PE: The major impact miniaturization is having on medical devices is making possible the safe and accurate delivery of higher levels of diagnostic information in and out of a hospital or clinic. Miniaturization is obviously beneficial for body-worn or implantable devices but is also having positive impacts within CT, digital X-Ray, MRI, and ultrasound systems. For example, miniaturization of transmit and receiver subsystems in ultrasound devices allows hundreds of channels to be processed in a notebook-sized platform.

SD: Miniaturization allows portability within the medical sectors.In imaging, miniaturization is allowing portabilitymoving from the clinic or imaging centers to triage centers or in ambulatory situations. This allows first responders to actually “see” what the sustained injuries are, rather than to speculate. The most common portable imaging modality today is ultrasound.

In diagnostics and therapy, miniaturization is allowing the more traditional clinical equipment, such as ECG and pulse oximetry, to transfer into the home, actually blurring the lines of “clinical” and “consumer” applications. More sophisticated heart rate monitoring solutions, as well as pulse oximeters, can now be purchased for home use, where, not so many years ago, these monitoring modalities were reserved for the clinic.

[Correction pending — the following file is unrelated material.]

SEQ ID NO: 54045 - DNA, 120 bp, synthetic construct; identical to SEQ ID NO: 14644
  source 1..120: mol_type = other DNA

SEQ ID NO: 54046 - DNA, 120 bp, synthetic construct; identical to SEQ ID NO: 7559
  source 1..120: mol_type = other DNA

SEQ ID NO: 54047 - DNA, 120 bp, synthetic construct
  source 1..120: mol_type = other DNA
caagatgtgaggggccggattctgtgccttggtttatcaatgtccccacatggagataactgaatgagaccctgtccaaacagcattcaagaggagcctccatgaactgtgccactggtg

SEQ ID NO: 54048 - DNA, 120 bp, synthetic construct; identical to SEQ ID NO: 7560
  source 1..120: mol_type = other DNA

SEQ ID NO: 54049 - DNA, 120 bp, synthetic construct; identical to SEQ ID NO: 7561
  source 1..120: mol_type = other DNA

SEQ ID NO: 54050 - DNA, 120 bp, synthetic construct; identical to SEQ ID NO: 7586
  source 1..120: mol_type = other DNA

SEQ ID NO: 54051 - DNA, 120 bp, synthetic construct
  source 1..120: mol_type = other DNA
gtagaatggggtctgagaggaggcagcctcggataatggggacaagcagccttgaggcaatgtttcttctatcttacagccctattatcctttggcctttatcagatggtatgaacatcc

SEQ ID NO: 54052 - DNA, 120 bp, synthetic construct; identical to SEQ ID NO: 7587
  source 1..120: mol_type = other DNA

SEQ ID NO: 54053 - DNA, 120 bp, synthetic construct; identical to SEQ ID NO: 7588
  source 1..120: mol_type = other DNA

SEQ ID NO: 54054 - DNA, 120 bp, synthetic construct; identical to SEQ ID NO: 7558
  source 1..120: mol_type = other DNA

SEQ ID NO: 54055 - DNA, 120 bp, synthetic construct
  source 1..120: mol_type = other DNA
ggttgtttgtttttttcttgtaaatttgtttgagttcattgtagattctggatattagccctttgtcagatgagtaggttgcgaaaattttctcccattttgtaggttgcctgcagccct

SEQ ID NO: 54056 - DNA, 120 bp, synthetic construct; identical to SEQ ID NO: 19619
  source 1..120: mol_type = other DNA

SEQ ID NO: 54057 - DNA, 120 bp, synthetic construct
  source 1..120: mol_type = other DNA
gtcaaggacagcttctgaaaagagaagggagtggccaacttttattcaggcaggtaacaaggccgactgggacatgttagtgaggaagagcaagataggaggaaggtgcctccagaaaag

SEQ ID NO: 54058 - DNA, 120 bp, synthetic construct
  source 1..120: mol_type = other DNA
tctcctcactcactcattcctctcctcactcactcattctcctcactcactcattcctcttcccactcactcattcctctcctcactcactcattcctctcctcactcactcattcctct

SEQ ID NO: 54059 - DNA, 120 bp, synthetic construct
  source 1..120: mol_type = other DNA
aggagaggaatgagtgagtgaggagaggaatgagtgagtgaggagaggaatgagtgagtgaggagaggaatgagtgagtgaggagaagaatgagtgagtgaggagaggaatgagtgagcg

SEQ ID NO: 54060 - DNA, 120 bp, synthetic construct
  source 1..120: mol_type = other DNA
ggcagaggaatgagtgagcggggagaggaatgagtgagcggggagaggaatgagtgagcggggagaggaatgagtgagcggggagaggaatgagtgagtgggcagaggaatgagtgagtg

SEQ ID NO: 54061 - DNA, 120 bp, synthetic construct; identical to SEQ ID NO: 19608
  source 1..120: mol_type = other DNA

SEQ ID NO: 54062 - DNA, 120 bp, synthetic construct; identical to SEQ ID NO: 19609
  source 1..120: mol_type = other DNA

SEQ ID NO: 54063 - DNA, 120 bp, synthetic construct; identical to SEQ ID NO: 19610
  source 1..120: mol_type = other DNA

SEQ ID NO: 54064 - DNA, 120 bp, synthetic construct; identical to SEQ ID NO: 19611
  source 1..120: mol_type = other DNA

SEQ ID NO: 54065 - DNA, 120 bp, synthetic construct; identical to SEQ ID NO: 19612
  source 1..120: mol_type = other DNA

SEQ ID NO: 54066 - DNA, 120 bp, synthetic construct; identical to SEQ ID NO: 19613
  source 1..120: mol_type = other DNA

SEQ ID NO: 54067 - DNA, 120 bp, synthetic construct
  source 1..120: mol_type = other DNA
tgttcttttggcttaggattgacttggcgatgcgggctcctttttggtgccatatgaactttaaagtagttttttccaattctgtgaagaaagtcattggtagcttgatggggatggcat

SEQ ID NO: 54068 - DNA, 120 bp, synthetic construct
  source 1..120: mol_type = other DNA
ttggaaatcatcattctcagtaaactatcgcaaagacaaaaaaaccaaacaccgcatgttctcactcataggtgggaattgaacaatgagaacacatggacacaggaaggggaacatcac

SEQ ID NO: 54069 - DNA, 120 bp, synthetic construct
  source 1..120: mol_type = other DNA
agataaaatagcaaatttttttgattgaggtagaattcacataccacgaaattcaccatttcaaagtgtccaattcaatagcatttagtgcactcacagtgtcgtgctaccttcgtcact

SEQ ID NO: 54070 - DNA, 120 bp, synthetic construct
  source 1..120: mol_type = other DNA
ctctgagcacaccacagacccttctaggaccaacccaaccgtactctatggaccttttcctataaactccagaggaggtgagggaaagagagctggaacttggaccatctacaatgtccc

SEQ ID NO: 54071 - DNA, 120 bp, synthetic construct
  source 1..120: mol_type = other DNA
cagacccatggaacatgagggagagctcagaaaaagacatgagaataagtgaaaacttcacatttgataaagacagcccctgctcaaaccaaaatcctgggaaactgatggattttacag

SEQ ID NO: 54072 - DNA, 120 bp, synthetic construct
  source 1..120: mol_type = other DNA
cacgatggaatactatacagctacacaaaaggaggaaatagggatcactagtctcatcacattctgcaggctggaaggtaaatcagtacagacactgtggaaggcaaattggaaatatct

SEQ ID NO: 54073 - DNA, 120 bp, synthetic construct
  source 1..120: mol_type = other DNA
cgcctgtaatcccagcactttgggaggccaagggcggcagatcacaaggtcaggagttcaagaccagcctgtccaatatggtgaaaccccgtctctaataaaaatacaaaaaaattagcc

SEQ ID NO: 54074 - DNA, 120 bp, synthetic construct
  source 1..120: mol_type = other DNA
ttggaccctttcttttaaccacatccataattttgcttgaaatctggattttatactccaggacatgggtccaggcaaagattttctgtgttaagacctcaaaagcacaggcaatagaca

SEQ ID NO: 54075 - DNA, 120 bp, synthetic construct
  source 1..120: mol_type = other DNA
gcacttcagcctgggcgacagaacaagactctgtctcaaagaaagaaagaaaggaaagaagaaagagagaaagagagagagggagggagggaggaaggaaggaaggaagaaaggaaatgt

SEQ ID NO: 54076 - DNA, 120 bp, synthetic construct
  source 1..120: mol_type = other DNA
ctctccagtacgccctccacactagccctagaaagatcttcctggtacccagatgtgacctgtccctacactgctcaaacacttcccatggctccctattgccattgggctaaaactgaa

Question 3: How are power concerns/considerations influencing medical electronics at the device, subsystem, or component level?

PE: Moore's Law predicted that every two years, silicon geometry would shrink in half, enabling the doubling of transistors and, therefore, digital processing capability. In the high-performance data converter market, there's the continuous trend to dramatically reduce the power consumption to enable new battery operated diagnostic quality devices. Data converters are a key signal processing block and used at the device, subsystem, and component level. They are integrated into a wide range of devices ranging from ISM band transceivers to ECG monitors to CT systems. Medical device engineers are leveraging this trend to create powerful diagnostic devices at a fraction of the power consumed just five years ago. This trend will continue into the future.